• Early-Bird Cameo: In "Monsters" and "Animal", before being formally introduced in "Doppelganger".
  • Expy: Looks a little like Race Bannon, doesn't he?
  • False Flag Operation: He dresses as Batman to ruin Batman's reputation, starting with the assassination of Bruce Wayne.
  • Foreshadowing: In his Batman disguise, his belt clearly doesn't match Batmans own. So whose belt does it look like? Deathstroke's.
  • I Have Your Wife: Deathstroke kidnaps his son to force his cooperation, but Barbara later discovers that Dane Lisslow is a forged identity.
  • Taking You with Me: He straps a bandolier of grenades to himself and tries to blow Batman up. He ends up only taking out himself... maybe.
  • Significant Anagram: Dane Lisslow is an anagram for Slade Wilson, a.k.a. Deathstroke.
  • Walking Spoiler

Man-Bat (Kirk Langstrom)

Formerly Dr. Kirk Langstrom, his research was perverted by Professor Pyg to create an army of animal hybrids, with himself as the first victim.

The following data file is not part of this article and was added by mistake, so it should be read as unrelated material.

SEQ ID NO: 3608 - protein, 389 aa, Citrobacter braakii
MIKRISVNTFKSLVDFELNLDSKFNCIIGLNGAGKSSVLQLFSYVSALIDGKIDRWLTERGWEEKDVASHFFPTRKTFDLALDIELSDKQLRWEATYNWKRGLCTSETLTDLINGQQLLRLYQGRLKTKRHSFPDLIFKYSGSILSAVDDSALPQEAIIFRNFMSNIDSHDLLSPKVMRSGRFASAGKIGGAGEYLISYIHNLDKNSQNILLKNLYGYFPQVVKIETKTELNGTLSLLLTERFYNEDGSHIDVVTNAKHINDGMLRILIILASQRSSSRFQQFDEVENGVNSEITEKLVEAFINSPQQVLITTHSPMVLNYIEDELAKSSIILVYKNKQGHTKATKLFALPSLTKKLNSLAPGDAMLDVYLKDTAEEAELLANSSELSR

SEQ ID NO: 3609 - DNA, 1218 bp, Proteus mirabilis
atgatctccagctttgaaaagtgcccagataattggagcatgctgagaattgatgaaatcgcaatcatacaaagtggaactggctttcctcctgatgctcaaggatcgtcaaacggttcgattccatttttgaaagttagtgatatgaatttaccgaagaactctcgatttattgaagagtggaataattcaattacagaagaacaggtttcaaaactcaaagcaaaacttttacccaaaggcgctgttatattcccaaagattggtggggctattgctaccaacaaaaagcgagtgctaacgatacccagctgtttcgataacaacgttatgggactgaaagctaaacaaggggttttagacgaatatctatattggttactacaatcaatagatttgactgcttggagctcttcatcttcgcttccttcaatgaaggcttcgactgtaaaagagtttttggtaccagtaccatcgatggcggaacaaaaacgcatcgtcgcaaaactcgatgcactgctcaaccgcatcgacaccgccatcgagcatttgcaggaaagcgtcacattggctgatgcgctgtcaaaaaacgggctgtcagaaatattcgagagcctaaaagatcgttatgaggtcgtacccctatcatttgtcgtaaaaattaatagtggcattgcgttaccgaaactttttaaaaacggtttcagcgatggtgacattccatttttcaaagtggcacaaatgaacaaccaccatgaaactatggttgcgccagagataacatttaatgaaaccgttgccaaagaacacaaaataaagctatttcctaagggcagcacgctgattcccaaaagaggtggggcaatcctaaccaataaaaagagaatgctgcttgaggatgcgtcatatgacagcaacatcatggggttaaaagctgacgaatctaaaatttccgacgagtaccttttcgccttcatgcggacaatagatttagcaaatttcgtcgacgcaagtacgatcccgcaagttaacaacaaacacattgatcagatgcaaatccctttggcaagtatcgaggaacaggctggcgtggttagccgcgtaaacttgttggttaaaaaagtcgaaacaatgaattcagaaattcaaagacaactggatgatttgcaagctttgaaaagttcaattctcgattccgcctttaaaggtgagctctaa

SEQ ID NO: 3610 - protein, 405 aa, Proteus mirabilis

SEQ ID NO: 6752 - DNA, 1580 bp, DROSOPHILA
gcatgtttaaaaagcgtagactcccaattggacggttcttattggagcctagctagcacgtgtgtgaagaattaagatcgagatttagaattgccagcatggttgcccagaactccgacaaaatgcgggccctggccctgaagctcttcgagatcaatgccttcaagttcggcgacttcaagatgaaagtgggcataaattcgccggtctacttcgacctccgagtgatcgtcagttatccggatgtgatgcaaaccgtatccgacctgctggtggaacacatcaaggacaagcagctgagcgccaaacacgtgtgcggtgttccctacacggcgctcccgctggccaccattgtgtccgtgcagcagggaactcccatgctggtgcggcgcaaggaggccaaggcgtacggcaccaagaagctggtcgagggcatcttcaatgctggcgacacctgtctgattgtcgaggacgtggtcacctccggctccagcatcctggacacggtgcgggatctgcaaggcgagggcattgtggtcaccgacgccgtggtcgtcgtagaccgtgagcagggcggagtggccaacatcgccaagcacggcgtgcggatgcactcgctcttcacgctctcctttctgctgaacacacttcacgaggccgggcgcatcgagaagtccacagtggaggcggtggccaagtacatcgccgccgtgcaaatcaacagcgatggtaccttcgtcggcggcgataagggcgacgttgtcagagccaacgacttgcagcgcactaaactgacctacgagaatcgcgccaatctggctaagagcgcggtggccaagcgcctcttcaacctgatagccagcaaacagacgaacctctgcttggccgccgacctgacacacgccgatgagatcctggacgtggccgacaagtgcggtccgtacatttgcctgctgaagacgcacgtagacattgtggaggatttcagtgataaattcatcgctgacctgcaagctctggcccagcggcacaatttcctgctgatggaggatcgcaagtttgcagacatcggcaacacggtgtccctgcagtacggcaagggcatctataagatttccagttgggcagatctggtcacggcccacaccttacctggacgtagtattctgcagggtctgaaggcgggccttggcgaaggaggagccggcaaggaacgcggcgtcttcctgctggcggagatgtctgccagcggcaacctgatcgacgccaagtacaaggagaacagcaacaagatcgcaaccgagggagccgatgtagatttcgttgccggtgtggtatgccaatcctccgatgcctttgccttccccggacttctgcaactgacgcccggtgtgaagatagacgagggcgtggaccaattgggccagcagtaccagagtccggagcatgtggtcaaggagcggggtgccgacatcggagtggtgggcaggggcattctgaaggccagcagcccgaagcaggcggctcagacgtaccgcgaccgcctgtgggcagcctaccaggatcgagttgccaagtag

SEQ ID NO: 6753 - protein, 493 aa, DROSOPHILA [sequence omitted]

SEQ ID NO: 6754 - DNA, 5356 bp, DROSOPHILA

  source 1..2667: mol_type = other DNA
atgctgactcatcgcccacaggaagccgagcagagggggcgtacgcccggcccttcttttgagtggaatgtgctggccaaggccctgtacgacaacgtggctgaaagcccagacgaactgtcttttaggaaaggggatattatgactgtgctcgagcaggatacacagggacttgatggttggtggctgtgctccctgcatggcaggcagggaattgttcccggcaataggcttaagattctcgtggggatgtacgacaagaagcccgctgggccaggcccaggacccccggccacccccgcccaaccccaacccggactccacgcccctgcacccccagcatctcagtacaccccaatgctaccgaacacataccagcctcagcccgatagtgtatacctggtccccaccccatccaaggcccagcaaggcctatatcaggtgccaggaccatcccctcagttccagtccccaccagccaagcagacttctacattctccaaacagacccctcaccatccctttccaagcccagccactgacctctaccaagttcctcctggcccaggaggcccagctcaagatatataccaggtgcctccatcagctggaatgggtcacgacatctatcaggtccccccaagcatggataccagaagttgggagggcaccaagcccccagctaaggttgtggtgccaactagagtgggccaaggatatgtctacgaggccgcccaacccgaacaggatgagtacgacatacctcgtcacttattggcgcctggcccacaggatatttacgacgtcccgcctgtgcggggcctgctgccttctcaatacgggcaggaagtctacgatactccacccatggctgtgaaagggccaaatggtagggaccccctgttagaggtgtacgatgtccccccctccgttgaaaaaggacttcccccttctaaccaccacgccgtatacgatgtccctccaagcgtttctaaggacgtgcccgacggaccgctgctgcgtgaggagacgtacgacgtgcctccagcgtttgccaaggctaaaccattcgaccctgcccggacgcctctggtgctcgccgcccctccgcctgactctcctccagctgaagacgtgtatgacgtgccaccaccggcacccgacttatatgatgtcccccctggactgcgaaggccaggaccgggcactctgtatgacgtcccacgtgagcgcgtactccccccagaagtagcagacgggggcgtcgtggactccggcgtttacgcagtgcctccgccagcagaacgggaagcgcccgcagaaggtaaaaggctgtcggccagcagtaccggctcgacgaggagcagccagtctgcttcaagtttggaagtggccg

• Adaptational Heroism: Most incarnations of Man-Bat are either a Mad Scientist or a Tragic Monster with no control over his bat form. This one was turned against his will, fight Batman only in his first appearance due to being Brainwashed and Crazy (courtesy of Professor Pyg and Mr Toad), and is otherwise a very nice guy who has no trouble controlling his bat form.
  • Back for the Finale: He is summoned in "Alone" to assist in the final battle against Deathstroke.
  • Bat out of Hell: Per the name.
  • Mind-Control Device: Pyg and Toad control him through a time-release injector containing a serum which makes him obey the first voice he hears.